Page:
Alex RodriguezPerhaps the bigger issue in A-Rod’s apology is what he used as an excuse. He talked about being “young”, “naïve” and “stupid” when he took steroids. He was 26 in 2003 – not 16. Anyone who has gone through their teenage years and their early twenties probably did some stupid shit for a variety of reasons, none of which were probably given much thought. But by your mid-20’s, you’re fully aware of every decision you make and you have come up with justification for doing it.

Rodriguez didn’t take steroids because he was young and naïve – he took steroids to gain an edge. He took steroids to make his game better, which is ridiculous when you think about it because he was already better than anyone in the league at the time. He knew exactly why he took what he took, and probably came to a rational decision as to why to do it. (Therefore the young and naïve bit doesn’t fly.)

One can’t help but wonder if this is all part of A-Rod’s plan to weasel out of this situation with minimal damage. He’s already not well liked around the league, but many of us were hoping that he would legitimize the home run record by breaking the mark after Barry Bonds stole it from Hank Aaron. We thought, “Well, A-Rod’s an ass but at least when he breaks the record that cheater Bonds won’t have it.”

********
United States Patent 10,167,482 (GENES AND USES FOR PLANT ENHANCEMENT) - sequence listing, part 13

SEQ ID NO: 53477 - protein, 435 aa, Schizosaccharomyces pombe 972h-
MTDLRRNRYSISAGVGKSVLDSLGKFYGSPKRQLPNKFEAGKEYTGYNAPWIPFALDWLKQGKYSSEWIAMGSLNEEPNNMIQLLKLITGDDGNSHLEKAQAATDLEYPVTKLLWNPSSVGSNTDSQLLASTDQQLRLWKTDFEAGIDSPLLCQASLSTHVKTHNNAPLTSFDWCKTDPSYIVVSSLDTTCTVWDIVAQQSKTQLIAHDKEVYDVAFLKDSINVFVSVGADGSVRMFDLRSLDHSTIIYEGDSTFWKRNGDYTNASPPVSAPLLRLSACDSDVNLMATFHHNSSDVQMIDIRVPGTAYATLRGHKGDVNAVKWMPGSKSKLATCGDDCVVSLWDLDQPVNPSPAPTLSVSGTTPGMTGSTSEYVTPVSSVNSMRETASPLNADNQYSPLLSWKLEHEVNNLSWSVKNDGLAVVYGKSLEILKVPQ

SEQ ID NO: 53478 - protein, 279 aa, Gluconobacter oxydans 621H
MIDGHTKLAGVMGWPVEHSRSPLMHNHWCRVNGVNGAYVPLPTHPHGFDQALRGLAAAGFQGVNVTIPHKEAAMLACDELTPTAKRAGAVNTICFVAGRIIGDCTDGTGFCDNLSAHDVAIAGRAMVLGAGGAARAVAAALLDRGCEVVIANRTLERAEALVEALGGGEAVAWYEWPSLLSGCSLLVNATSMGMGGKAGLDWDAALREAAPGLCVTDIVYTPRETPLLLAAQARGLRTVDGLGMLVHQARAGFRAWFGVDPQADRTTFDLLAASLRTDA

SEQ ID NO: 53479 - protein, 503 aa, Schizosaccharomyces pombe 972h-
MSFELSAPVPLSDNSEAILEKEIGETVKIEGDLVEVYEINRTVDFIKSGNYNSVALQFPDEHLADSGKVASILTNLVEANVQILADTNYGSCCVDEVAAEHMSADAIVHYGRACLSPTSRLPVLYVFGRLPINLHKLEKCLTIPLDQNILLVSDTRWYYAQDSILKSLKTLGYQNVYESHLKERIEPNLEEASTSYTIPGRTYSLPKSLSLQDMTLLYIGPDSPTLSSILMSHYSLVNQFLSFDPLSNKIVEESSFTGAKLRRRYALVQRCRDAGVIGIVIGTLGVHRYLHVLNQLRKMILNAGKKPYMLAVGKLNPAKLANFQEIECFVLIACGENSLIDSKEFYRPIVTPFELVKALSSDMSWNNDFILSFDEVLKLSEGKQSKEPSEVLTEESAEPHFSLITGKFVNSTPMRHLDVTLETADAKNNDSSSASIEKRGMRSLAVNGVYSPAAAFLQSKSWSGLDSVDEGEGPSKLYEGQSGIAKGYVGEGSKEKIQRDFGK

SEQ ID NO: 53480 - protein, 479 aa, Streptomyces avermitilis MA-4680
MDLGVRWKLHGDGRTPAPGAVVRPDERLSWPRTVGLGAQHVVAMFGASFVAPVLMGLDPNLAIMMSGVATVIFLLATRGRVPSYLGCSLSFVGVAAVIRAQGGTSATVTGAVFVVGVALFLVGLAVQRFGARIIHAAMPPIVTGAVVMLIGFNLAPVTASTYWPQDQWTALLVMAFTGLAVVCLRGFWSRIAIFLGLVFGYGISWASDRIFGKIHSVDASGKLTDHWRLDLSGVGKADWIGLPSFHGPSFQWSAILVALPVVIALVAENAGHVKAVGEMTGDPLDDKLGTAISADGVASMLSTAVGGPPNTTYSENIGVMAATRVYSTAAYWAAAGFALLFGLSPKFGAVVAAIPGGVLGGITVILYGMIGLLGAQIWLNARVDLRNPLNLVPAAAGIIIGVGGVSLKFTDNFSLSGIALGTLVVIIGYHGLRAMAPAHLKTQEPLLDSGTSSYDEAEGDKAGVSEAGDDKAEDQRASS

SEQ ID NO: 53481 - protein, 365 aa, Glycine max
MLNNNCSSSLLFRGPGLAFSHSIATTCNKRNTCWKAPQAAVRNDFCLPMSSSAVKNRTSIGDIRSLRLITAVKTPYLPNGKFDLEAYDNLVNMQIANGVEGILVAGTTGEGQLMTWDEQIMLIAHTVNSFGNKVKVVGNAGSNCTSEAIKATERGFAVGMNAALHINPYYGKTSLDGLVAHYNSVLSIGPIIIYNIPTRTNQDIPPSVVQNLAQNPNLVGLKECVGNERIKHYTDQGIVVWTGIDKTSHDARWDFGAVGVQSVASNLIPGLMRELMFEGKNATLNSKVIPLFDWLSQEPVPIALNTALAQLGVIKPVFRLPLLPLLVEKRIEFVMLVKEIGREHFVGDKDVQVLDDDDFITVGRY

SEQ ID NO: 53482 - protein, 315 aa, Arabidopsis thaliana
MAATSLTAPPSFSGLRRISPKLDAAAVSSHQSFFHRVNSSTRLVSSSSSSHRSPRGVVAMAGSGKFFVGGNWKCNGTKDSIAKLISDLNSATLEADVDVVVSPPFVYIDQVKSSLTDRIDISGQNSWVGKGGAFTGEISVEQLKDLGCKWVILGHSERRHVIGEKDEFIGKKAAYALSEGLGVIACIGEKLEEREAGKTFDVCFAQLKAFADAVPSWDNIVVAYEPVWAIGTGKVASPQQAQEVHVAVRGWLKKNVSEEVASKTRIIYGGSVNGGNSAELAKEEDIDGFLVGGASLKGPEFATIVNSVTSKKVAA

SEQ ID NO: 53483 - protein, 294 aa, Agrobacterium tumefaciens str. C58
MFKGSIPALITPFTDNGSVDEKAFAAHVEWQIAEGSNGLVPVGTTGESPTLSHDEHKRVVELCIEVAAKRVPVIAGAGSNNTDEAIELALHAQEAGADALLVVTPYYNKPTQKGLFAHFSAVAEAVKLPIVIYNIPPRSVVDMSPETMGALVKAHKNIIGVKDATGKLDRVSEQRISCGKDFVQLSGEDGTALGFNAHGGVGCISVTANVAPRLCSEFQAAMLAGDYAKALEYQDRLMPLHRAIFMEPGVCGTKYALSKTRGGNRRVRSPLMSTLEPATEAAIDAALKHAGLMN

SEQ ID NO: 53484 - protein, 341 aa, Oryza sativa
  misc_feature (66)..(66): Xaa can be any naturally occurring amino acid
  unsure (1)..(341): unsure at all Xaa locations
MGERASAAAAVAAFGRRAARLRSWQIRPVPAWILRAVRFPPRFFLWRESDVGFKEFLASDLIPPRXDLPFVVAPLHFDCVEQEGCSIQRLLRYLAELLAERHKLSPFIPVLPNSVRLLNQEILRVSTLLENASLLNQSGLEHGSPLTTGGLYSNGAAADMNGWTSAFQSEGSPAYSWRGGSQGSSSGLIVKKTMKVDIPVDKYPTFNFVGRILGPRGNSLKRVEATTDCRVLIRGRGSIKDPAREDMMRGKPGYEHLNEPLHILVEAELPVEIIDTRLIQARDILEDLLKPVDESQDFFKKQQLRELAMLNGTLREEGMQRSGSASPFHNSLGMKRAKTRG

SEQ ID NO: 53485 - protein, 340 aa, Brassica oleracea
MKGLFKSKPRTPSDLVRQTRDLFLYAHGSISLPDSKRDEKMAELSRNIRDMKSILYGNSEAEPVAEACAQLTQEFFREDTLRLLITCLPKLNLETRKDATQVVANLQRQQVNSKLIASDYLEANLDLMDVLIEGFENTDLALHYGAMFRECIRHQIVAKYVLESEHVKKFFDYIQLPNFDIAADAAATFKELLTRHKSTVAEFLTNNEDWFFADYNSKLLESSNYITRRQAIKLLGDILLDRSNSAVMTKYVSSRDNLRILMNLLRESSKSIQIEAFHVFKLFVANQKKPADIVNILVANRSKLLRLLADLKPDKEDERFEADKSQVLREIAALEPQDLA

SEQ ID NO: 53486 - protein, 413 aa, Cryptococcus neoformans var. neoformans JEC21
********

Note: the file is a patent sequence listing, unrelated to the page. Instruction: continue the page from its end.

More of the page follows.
So what does A-Rod do when he gets caught? Admit to it, knowing that he might save a little face and not have to endure the same public scrutiny that Bonds, McGwire, Sosa, Palmero and Clemens did. After all, his own teammate Andy Pettitte came clean about using steroids and now you barely hear his name associated with those athletes that were caught using performance-enhancers.

A-Rod confessing that he did use steroids in 2003 is all well and good. But he also claims he hasn’t used steroids since then, yet if you look at pictures from 2003 until now, his body has changed all that much. The question now becomes: Did he just fess up to being caught so it would divert everyone’s attention away from the fact that he’s still on riods? If he did, he just hung himself in the court of public opinion. The American public loves to forgive and forget, but they won’t stand for being lied to twice.

Then again, maybe this is a pessimistic way of looking at this situation. Maybe Rodriguez truly did only take steroids for one year and has been clean ever since. Maybe his reasoning that he was young and naïve is a viable excuse. And maybe everyone should focus on the fact that he stepped forwarded and admitted his wrong doing instead of dragging the situation out further. When you look at how Bonds, McGwire, Clemens, Sosa and Palmeiro handled their respective situations, A-Rod looks like the poster child of for what to do when an athlete makes a mistake.

Either way, A-Rod better hope he knows what he’s doing because every step he makes from now until the end of his career will be reported and talked about in length. He’s not in Texas or Seattle anymore – he’s in New York. And that media has only begun to take aim on his situation.